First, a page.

- The Bayelsa state government is truly enforcing the lockdown order it imposed on residents
- Following its no-entry directive, the state government on Sunday, May 10, intercepted some almajiri boys intercepted by its COVID-19 task force team
- The state also said that the almajiris were conveyed in two buses and that they were sent back to where they came from
In adherence to the no-entry order by the Delta government, the state's cOVID-109 task force on Sunday, May 10, intercepted two busloads of Almajiri boys.
This was announced by the permanent secretary of the state ministry of information and orientation, Freston Akpo.
Akpo said that the interception of the almajiris was achieved through the joint efforts of officials of the task force and some security operatives.
According to The Sun, officials of the task force said that some of the boys “...claimed they were on their way to the state on a commercial fishing expedition, others claimed to be on the way to Port Harcourt, Rivers State en route Bayelsa waters.”
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Akpo also disclosed that the boys including their drivers were escorted to Patani, the border between Delta and Bayelsa.
Meanwhile, Legit.ng reported that Abdullahi Umar Ganduje, Kano state governor, has decried the treatment of almajiri children, saying the street urchins were being used for unnecessary publicity instead of them to be received with open arms.
Speaking at a media briefing on Sunday, May 10, Ganduje said the almajiri in Kano were returned back to their home states "in good faith" and in accordance to procedures of Northern Governors' Forum.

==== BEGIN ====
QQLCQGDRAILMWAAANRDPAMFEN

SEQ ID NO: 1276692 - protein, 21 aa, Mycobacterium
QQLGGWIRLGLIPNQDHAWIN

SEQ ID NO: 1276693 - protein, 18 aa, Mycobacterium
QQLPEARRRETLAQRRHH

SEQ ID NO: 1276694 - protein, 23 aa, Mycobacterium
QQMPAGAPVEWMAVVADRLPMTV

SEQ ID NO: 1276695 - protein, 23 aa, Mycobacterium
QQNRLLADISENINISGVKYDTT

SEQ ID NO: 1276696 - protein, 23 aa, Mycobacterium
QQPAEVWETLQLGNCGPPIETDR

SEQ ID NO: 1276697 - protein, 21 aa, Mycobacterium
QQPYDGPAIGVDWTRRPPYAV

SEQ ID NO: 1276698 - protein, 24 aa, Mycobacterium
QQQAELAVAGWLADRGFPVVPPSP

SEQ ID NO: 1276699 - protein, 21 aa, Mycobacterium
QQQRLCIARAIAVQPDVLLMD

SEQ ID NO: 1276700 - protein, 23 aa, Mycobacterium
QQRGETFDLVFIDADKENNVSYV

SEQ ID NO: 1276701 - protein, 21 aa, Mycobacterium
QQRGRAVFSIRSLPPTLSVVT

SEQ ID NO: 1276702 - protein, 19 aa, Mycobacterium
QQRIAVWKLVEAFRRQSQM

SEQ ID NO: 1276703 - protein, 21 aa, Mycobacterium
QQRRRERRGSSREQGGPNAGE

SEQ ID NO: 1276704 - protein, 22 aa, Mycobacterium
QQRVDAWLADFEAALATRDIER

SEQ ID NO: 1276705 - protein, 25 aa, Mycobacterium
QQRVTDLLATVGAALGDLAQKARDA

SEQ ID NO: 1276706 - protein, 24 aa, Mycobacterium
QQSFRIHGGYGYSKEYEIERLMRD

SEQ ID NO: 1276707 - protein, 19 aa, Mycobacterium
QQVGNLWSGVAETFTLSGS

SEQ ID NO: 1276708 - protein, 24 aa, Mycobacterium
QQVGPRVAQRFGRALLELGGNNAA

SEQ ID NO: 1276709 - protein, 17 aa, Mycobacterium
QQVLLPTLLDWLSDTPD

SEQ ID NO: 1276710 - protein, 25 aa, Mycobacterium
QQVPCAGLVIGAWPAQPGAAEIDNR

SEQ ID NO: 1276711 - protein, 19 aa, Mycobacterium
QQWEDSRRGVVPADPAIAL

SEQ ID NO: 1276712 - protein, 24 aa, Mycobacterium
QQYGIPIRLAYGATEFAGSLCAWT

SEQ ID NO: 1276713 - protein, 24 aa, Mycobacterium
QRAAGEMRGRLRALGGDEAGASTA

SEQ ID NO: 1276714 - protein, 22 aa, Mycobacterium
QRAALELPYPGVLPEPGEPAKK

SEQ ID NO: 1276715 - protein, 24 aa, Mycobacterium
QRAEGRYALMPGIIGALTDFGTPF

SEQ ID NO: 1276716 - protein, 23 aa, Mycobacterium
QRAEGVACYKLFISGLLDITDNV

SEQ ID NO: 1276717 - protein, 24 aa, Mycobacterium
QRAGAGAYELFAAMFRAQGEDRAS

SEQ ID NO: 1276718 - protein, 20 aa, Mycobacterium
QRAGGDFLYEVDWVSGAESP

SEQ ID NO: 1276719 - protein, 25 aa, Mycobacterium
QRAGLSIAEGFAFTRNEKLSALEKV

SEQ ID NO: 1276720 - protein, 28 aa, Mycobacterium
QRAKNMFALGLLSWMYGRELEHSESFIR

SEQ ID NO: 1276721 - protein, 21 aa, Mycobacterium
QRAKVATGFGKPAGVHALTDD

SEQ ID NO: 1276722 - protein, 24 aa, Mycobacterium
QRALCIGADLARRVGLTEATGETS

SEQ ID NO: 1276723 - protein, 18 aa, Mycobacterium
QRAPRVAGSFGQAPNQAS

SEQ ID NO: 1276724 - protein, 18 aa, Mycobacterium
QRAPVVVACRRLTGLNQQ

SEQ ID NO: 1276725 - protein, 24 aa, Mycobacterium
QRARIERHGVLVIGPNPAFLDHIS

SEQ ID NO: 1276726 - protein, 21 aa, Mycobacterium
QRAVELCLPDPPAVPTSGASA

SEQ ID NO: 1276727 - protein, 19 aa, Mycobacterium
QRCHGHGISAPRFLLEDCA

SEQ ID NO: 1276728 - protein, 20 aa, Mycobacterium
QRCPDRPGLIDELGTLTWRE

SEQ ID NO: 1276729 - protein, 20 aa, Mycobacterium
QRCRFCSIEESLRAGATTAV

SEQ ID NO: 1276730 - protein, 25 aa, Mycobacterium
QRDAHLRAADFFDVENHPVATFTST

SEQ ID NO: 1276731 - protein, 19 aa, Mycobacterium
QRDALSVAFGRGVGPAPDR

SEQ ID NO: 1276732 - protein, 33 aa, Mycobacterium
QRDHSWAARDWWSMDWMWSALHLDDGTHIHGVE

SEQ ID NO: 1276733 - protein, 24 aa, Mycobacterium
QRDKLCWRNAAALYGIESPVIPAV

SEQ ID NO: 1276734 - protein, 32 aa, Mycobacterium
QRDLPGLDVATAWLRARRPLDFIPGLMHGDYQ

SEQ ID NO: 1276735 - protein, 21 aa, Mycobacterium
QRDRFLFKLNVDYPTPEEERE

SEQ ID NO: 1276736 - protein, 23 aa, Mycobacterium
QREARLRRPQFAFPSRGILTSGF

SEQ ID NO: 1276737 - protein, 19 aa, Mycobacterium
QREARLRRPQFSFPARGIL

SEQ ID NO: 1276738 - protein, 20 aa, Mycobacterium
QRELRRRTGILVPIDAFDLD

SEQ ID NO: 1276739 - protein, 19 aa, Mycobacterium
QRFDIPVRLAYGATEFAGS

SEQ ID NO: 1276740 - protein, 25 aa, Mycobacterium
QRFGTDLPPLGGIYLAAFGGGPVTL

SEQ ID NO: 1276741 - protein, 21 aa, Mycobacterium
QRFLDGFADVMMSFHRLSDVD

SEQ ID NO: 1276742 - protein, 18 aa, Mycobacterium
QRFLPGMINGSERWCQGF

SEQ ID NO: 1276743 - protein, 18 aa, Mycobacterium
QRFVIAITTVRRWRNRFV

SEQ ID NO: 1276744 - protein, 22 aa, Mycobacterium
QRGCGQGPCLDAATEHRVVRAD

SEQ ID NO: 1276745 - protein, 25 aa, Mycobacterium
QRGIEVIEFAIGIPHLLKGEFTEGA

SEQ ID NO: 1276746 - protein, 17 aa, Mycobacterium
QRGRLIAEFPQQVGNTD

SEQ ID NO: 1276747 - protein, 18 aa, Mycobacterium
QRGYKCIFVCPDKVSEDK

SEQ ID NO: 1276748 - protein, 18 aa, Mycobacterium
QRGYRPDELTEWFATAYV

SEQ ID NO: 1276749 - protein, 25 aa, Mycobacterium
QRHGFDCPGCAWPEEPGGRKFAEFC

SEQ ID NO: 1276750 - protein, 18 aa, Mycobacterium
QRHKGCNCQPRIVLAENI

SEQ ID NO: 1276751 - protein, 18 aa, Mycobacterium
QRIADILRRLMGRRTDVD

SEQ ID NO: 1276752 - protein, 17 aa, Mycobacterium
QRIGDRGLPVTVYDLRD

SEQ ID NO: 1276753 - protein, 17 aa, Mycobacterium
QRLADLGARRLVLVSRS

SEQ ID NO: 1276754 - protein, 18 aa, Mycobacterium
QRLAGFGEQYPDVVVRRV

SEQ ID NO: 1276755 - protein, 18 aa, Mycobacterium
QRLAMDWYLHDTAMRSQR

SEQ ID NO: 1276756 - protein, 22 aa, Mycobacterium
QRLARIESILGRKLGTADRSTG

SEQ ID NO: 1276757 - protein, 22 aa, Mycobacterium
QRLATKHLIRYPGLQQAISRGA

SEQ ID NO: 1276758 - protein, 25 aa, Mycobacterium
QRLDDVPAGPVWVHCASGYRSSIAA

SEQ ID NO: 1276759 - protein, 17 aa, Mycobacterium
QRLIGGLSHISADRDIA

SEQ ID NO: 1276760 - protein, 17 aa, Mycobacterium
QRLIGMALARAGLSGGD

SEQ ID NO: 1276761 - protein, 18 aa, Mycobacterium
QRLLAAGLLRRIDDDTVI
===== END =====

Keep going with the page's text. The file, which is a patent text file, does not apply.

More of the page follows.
He, however, raised an eyebrow against "noises" being made by his northern colleagues, adding that Kano state does not make politics out the repatriation of the kid beggars as some neighbouring state governments do.
“We agreed at the Northern Governors' Forum that all Almajiris moved to their states of origin. That is why we are sending, in good faith and procedures, all Almajiris that are not from Kano state to their respective states of origin," Ganduje remarked.
He added: “The way we are sending back Almajiris to their states of origin, we are also receiving Almajiris from other states who are Kano indigenes. But the fact that we are not making noise about it does not mean they are all healthy without COVID-19 infections.
"But we are not making politics out of it because we all believe that what they need most now, is not noise making or publicity. What they need at this critical point in time is caregiving.”
Governor Ganduje urged the people criticising the state over the number of almajiri kids who tested positive to Covid-19 to understand the process involved in the decision.
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